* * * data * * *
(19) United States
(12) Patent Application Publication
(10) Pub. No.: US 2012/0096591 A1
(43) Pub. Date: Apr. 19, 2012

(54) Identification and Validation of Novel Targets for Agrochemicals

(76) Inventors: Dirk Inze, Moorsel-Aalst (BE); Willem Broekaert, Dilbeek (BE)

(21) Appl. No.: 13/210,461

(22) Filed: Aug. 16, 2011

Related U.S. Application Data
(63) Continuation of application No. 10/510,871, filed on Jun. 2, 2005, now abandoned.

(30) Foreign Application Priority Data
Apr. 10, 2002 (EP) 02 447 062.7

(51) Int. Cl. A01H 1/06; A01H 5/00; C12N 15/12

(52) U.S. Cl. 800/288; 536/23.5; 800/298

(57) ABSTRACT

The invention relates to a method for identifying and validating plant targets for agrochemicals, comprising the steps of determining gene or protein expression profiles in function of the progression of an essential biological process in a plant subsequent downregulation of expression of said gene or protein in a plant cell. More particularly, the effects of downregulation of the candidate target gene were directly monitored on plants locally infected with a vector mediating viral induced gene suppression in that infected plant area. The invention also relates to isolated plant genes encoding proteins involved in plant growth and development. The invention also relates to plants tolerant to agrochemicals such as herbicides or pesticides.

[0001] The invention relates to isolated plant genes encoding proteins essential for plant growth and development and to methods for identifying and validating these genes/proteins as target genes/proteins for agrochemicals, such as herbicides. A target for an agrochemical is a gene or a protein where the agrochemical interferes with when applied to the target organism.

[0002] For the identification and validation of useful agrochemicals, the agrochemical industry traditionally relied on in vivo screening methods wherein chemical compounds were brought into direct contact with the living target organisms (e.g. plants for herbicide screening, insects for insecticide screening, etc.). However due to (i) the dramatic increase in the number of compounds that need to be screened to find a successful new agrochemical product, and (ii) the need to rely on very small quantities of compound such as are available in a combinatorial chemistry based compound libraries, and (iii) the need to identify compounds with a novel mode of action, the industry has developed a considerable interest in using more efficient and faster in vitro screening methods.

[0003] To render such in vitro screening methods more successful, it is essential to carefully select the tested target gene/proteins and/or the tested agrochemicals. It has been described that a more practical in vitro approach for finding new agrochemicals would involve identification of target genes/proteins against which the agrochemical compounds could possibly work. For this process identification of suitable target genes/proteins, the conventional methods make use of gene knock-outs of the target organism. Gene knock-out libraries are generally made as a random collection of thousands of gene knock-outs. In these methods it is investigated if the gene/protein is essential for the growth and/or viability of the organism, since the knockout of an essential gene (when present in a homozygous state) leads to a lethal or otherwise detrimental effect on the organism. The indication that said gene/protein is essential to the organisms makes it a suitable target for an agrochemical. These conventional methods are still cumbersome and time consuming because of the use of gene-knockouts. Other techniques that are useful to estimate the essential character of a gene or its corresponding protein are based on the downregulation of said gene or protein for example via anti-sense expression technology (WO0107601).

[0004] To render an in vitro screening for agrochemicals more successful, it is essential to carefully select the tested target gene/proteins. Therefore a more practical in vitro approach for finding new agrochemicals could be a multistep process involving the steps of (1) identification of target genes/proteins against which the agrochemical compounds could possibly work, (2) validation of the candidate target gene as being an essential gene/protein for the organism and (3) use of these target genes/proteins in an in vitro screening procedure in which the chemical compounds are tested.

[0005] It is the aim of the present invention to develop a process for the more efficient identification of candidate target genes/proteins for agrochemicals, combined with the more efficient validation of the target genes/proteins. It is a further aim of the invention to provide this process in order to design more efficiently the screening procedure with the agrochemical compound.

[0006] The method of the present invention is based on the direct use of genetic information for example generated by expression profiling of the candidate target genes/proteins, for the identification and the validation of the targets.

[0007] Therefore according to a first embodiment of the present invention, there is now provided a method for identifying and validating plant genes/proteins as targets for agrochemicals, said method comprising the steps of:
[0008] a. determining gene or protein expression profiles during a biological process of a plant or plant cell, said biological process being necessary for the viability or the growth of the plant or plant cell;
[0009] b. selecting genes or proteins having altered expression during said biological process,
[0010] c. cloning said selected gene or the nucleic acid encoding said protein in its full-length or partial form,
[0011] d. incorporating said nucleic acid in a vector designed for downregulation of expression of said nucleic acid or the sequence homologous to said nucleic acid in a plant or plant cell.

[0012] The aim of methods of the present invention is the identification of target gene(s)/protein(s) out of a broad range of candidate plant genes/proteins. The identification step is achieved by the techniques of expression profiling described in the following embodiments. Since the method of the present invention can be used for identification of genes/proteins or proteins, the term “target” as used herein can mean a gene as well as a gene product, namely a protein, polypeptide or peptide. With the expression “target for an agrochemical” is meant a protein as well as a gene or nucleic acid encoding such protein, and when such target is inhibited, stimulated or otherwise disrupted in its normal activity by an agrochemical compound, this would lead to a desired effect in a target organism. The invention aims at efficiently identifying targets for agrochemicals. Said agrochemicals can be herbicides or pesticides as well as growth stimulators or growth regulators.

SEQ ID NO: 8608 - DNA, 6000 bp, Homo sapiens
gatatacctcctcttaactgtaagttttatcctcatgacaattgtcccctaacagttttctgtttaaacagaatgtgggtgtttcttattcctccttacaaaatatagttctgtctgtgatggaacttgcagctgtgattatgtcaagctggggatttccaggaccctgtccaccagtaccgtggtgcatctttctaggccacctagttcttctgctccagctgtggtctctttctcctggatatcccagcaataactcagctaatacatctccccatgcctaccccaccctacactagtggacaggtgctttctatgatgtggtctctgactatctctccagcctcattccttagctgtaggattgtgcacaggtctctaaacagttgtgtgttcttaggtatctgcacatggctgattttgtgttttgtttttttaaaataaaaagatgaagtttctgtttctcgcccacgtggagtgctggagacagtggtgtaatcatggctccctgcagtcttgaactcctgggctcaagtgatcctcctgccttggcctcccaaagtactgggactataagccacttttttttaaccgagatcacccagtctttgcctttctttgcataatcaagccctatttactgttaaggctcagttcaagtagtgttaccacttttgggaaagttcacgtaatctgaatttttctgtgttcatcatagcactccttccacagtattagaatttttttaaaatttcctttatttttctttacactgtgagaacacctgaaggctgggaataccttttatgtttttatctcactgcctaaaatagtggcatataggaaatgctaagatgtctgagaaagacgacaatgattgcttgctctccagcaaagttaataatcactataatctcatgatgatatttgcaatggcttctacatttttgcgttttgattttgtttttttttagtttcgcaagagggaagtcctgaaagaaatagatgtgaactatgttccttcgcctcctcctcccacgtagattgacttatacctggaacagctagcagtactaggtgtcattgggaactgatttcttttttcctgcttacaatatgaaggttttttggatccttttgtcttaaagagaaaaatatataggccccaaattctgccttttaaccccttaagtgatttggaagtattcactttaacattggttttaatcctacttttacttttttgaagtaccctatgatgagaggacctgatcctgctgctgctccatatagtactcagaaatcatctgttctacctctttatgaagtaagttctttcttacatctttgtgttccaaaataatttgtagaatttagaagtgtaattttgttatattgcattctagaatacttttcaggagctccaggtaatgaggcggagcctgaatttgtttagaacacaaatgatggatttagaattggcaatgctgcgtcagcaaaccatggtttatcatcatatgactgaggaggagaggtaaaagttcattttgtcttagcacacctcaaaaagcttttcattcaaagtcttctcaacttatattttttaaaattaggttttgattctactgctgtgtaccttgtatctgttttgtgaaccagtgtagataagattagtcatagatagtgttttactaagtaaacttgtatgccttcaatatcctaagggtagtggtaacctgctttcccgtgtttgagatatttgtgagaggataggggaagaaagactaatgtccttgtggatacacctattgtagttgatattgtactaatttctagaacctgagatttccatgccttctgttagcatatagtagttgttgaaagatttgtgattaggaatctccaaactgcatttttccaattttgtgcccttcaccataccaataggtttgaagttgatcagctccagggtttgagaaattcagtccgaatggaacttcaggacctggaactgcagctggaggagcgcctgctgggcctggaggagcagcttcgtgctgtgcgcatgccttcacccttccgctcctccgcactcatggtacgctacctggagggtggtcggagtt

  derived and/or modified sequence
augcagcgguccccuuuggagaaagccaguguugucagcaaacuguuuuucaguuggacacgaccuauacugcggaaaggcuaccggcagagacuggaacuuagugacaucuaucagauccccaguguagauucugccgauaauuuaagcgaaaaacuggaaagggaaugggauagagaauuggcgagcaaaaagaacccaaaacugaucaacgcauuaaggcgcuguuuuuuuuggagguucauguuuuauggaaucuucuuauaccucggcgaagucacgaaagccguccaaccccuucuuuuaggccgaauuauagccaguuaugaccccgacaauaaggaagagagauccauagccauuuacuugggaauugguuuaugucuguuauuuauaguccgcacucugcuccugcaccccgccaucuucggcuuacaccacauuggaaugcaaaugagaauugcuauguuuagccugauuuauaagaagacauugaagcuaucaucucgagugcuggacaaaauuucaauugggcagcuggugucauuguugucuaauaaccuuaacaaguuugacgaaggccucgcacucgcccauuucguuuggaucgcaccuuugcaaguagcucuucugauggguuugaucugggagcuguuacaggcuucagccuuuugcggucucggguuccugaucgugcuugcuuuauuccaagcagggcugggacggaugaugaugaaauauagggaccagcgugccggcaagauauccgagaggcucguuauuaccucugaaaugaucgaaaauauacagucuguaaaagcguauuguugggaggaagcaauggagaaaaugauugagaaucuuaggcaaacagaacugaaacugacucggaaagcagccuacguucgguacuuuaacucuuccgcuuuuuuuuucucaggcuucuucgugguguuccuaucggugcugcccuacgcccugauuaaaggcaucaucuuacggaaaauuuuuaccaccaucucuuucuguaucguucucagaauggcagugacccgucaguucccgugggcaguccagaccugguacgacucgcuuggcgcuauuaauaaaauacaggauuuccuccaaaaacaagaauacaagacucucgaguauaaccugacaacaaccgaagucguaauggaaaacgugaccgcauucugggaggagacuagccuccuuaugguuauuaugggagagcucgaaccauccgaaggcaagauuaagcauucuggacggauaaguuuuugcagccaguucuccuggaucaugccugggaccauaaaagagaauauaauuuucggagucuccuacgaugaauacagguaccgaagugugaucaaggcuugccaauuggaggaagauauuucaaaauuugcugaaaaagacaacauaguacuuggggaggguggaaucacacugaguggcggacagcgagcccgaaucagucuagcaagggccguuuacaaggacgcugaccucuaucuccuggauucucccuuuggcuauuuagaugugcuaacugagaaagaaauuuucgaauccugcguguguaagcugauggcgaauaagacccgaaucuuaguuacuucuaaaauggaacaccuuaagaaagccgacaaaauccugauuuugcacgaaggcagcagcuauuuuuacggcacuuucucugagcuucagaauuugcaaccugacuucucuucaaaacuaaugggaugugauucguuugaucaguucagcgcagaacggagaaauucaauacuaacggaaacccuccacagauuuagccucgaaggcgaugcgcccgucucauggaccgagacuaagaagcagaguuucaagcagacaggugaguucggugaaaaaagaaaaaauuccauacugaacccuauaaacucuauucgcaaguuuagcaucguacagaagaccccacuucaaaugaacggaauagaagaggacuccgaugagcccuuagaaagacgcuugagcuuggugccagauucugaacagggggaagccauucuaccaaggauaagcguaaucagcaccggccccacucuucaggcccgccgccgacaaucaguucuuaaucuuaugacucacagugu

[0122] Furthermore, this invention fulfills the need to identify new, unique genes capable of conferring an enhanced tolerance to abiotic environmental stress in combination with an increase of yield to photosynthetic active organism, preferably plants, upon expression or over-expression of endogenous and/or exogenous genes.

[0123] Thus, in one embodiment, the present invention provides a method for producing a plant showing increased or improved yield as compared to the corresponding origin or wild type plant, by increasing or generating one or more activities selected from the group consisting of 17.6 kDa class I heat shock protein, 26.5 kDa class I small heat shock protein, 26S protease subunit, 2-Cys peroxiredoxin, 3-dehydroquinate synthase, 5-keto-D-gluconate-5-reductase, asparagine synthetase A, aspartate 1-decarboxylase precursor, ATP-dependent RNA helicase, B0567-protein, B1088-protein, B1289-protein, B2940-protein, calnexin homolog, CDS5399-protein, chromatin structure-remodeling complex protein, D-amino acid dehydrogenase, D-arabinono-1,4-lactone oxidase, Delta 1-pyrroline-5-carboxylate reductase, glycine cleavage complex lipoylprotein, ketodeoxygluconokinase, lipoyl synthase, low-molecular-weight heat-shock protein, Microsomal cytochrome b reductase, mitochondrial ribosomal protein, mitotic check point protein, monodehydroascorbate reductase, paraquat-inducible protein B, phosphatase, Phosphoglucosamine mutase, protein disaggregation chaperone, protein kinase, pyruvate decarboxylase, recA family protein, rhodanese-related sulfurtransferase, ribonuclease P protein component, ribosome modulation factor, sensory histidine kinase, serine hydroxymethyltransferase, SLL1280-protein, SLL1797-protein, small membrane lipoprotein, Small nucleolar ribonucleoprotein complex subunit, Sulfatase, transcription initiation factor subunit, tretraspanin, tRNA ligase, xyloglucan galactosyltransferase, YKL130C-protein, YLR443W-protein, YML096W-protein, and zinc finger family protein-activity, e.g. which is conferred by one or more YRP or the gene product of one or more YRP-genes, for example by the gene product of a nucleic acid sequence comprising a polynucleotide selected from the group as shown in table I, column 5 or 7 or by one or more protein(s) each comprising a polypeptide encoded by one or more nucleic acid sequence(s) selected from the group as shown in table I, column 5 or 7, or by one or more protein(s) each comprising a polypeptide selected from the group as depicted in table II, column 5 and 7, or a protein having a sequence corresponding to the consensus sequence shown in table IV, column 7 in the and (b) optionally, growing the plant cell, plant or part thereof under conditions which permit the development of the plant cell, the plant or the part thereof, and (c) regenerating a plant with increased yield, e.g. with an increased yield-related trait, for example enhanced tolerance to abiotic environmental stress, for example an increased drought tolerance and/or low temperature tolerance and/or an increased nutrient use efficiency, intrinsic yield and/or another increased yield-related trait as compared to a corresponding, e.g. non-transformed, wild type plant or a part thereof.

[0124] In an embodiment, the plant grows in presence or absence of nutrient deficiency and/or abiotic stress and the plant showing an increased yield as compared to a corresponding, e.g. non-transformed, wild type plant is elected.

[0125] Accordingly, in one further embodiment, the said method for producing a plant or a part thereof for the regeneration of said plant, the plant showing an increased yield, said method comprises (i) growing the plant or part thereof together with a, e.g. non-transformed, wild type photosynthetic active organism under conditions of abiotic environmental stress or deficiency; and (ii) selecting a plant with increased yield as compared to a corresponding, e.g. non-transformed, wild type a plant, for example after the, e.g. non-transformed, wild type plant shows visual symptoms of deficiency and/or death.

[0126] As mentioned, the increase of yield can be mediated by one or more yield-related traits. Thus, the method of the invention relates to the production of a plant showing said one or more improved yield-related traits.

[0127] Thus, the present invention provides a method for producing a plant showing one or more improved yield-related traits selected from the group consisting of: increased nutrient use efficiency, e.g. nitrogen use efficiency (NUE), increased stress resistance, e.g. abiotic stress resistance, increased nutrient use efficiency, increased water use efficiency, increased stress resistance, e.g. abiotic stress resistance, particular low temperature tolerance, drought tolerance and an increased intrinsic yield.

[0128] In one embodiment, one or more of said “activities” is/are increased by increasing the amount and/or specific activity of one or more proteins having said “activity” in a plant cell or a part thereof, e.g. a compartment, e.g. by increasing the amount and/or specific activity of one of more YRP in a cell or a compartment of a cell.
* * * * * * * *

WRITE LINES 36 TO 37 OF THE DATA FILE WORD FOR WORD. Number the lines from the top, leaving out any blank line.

[0125] Accordingly, in one further embodiment, the said method for producing a plant or a part thereof for the regeneration of said plant, the plant showing an increased yield, said method comprises (i) growing the plant or part thereof together with a, e.g. non-transformed, wild type photosynthetic active organism under conditions of abiotic environmental stress or deficiency; and (ii) selecting a plant with increased yield as compared to a corresponding, e.g. non-transformed, wild type a plant, for example after the, e.g. non-transformed, wild type plant shows visual symptoms of deficiency and/or death.

[0126] As mentioned, the increase of yield can be mediated by one or more yield-related traits. Thus, the method of the invention relates to the production of a plant showing said one or more improved yield-related traits.